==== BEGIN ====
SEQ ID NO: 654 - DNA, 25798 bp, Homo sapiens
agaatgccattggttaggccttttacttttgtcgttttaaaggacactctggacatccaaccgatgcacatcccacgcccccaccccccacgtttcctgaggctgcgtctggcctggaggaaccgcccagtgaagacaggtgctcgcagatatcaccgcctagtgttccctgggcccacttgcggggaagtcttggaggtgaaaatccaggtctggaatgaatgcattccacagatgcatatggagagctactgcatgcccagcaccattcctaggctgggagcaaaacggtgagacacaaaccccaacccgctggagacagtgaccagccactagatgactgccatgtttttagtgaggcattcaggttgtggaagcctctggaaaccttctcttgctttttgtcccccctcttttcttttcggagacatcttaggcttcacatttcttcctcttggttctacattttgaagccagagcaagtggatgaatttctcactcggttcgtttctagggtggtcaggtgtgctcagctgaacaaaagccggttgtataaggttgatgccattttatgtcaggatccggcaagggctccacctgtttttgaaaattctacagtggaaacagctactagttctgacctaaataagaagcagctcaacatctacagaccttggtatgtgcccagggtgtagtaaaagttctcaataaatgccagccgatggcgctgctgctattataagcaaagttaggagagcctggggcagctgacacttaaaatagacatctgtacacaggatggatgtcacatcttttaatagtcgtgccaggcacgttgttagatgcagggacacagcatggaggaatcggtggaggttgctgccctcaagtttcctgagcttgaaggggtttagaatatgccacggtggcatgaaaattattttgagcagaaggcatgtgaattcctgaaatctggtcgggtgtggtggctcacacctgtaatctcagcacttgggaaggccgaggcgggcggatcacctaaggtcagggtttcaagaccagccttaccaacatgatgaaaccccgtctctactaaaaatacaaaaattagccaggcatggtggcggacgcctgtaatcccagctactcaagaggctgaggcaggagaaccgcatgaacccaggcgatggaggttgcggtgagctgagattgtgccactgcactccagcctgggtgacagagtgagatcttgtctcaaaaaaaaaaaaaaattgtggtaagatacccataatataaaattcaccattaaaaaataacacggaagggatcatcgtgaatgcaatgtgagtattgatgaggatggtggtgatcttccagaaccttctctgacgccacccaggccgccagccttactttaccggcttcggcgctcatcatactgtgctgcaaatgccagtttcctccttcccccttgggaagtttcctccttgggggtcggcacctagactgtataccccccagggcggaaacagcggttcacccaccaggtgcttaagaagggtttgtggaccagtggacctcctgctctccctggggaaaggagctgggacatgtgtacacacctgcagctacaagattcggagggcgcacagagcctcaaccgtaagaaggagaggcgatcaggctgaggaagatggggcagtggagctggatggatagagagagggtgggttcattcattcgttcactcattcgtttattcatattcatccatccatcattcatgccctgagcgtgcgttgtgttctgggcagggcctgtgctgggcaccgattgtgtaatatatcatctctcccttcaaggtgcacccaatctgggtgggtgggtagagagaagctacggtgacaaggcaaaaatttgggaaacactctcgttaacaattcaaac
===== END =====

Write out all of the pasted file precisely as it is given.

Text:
SEQ ID NO: 654 - DNA, 25798 bp, Homo sapiens
agaatgccattggttaggccttttacttttgtcgttttaaaggacactctggacatccaaccgatgcacatcccacgcccccaccccccacgtttcctgaggctgcgtctggcctggaggaaccgcccagtgaagacaggtgctcgcagatatcaccgcctagtgttccctgggcccacttgcggggaagtcttggaggtgaaaatccaggtctggaatgaatgcattccacagatgcatatggagagctactgcatgcccagcaccattcctaggctgggagcaaaacggtgagacacaaaccccaacccgctggagacagtgaccagccactagatgactgccatgtttttagtgaggcattcaggttgtggaagcctctggaaaccttctcttgctttttgtcccccctcttttcttttcggagacatcttaggcttcacatttcttcctcttggttctacattttgaagccagagcaagtggatgaatttctcactcggttcgtttctagggtggtcaggtgtgctcagctgaacaaaagccggttgtataaggttgatgccattttatgtcaggatccggcaagggctccacctgtttttgaaaattctacagtggaaacagctactagttctgacctaaataagaagcagctcaacatctacagaccttggtatgtgcccagggtgtagtaaaagttctcaataaatgccagccgatggcgctgctgctattataagcaaagttaggagagcctggggcagctgacacttaaaatagacatctgtacacaggatggatgtcacatcttttaatagtcgtgccaggcacgttgttagatgcagggacacagcatggaggaatcggtggaggttgctgccctcaagtttcctgagcttgaaggggtttagaatatgccacggtggcatgaaaattattttgagcagaaggcatgtgaattcctgaaatctggtcgggtgtggtggctcacacctgtaatctcagcacttgggaaggccgaggcgggcggatcacctaaggtcagggtttcaagaccagccttaccaacatgatgaaaccccgtctctactaaaaatacaaaaattagccaggcatggtggcggacgcctgtaatcccagctactcaagaggctgaggcaggagaaccgcatgaacccaggcgatggaggttgcggtgagctgagattgtgccactgcactccagcctgggtgacagagtgagatcttgtctcaaaaaaaaaaaaaaattgtggtaagatacccataatataaaattcaccattaaaaaataacacggaagggatcatcgtgaatgcaatgtgagtattgatgaggatggtggtgatcttccagaaccttctctgacgccacccaggccgccagccttactttaccggcttcggcgctcatcatactgtgctgcaaatgccagtttcctccttcccccttgggaagtttcctccttgggggtcggcacctagactgtataccccccagggcggaaacagcggttcacccaccaggtgcttaagaagggtttgtggaccagtggacctcctgctctccctggggaaaggagctgggacatgtgtacacacctgcagctacaagattcggagggcgcacagagcctcaaccgtaagaaggagaggcgatcaggctgaggaagatggggcagtggagctggatggatagagagagggtgggttcattcattcgttcactcattcgtttattcatattcatccatccatcattcatgccctgagcgtgcgttgtgttctgggcagggcctgtgctgggcaccgattgtgtaatatatcatctctcccttcaaggtgcacccaatctgggtgggtgggtagagagaagctacggtgacaaggcaaaaatttgggaaacactctcgttaacaattcaaac